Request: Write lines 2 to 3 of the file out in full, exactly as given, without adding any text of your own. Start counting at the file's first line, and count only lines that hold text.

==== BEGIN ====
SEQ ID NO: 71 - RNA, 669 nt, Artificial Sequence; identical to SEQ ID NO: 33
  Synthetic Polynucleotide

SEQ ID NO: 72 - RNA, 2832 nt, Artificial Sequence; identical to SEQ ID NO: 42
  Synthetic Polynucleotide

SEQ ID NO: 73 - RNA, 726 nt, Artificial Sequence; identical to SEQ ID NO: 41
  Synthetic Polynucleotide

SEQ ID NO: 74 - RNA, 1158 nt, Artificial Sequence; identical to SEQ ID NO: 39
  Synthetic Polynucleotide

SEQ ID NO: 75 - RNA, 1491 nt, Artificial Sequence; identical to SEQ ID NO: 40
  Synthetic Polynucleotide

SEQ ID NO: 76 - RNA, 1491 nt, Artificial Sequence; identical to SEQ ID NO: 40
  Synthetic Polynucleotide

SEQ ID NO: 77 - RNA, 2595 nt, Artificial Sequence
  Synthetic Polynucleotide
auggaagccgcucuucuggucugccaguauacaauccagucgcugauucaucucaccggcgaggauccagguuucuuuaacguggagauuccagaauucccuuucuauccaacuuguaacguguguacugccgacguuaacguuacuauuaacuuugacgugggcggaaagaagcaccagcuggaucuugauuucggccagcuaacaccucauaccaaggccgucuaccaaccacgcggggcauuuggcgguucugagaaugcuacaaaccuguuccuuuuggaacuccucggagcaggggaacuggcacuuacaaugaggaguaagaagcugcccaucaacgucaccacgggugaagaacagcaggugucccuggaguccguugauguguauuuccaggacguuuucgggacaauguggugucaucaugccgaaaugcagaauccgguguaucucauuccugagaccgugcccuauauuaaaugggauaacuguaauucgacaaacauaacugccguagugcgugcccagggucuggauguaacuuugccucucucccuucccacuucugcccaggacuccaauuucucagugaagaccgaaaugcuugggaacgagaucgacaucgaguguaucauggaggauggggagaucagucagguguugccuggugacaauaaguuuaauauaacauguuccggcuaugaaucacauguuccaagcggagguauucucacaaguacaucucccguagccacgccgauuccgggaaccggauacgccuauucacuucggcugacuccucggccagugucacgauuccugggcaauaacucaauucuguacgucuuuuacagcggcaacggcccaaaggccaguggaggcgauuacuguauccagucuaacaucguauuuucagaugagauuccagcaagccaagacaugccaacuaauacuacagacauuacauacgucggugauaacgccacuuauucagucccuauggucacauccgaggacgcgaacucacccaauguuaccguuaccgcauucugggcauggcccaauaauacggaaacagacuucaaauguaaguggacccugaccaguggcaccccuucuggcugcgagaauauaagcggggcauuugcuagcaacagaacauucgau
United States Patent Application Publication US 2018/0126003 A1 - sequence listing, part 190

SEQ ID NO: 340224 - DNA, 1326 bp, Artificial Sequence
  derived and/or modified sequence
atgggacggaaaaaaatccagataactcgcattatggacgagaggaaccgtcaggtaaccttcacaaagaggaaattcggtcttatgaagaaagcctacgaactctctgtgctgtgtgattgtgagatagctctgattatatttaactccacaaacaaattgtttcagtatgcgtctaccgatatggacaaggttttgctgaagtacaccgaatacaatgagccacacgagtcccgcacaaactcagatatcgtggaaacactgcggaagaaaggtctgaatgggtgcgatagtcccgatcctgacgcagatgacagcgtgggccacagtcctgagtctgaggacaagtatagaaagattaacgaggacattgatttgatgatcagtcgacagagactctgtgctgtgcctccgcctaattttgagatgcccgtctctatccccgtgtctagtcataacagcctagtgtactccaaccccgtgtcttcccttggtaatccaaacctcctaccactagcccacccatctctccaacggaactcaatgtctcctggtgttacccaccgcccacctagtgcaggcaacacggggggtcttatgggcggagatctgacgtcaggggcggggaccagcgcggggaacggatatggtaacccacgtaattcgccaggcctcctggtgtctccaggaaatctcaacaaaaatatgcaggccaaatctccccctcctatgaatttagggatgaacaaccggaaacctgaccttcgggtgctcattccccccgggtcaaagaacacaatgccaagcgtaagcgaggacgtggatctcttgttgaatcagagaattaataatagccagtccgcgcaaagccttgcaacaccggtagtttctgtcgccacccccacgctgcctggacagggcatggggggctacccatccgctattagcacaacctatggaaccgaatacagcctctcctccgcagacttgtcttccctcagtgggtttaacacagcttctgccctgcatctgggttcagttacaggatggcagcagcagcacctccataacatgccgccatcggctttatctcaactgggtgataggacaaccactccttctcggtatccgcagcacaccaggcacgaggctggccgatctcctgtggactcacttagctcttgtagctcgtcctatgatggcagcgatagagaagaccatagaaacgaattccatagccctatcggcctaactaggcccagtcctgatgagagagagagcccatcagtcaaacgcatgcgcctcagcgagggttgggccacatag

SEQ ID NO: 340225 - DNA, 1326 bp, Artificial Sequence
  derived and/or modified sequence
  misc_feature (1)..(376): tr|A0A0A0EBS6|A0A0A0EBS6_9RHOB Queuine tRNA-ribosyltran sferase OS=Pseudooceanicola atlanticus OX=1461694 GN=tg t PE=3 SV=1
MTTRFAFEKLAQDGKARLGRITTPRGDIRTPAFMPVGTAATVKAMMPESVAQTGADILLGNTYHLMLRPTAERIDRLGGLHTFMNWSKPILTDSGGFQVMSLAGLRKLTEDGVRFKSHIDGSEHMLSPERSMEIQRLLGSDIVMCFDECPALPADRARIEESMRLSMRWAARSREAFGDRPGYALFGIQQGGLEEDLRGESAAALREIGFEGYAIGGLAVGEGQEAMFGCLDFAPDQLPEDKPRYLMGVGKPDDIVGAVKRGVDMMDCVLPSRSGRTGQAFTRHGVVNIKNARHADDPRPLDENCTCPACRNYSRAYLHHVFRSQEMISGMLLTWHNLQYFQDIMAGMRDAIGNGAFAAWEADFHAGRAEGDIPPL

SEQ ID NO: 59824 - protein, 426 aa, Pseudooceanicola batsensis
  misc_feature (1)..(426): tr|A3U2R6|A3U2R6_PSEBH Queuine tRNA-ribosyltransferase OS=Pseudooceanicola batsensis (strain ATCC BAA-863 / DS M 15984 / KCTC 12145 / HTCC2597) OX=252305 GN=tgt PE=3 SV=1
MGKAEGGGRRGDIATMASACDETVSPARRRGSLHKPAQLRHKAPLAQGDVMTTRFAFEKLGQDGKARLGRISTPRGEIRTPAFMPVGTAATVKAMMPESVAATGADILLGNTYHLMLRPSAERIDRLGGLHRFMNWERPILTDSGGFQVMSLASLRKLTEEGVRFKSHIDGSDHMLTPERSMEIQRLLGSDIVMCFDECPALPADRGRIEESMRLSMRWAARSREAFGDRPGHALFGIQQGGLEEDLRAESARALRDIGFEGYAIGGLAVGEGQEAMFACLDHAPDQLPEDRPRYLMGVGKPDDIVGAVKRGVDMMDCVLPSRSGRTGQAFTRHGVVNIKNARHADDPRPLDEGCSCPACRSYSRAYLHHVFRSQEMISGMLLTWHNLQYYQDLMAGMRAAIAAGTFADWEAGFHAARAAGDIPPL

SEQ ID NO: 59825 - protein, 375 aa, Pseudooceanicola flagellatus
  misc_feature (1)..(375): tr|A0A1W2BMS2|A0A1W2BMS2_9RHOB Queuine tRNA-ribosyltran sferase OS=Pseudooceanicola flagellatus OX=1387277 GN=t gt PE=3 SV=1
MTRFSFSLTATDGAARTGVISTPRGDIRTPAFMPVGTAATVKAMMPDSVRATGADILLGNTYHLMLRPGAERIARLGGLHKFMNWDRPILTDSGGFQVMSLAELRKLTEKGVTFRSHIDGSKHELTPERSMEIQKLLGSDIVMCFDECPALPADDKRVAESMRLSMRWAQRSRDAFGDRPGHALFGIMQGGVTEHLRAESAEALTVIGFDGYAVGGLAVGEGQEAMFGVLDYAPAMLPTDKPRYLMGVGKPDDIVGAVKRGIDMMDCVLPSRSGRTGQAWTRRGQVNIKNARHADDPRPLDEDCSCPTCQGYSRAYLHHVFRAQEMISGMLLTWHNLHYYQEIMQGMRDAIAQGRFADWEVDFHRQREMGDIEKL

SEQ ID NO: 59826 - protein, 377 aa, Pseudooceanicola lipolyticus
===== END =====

  Synthetic Polynucleotide

SEQ ID NO: 72 - RNA, 2832 nt, Artificial Sequence; identical to SEQ ID NO: 42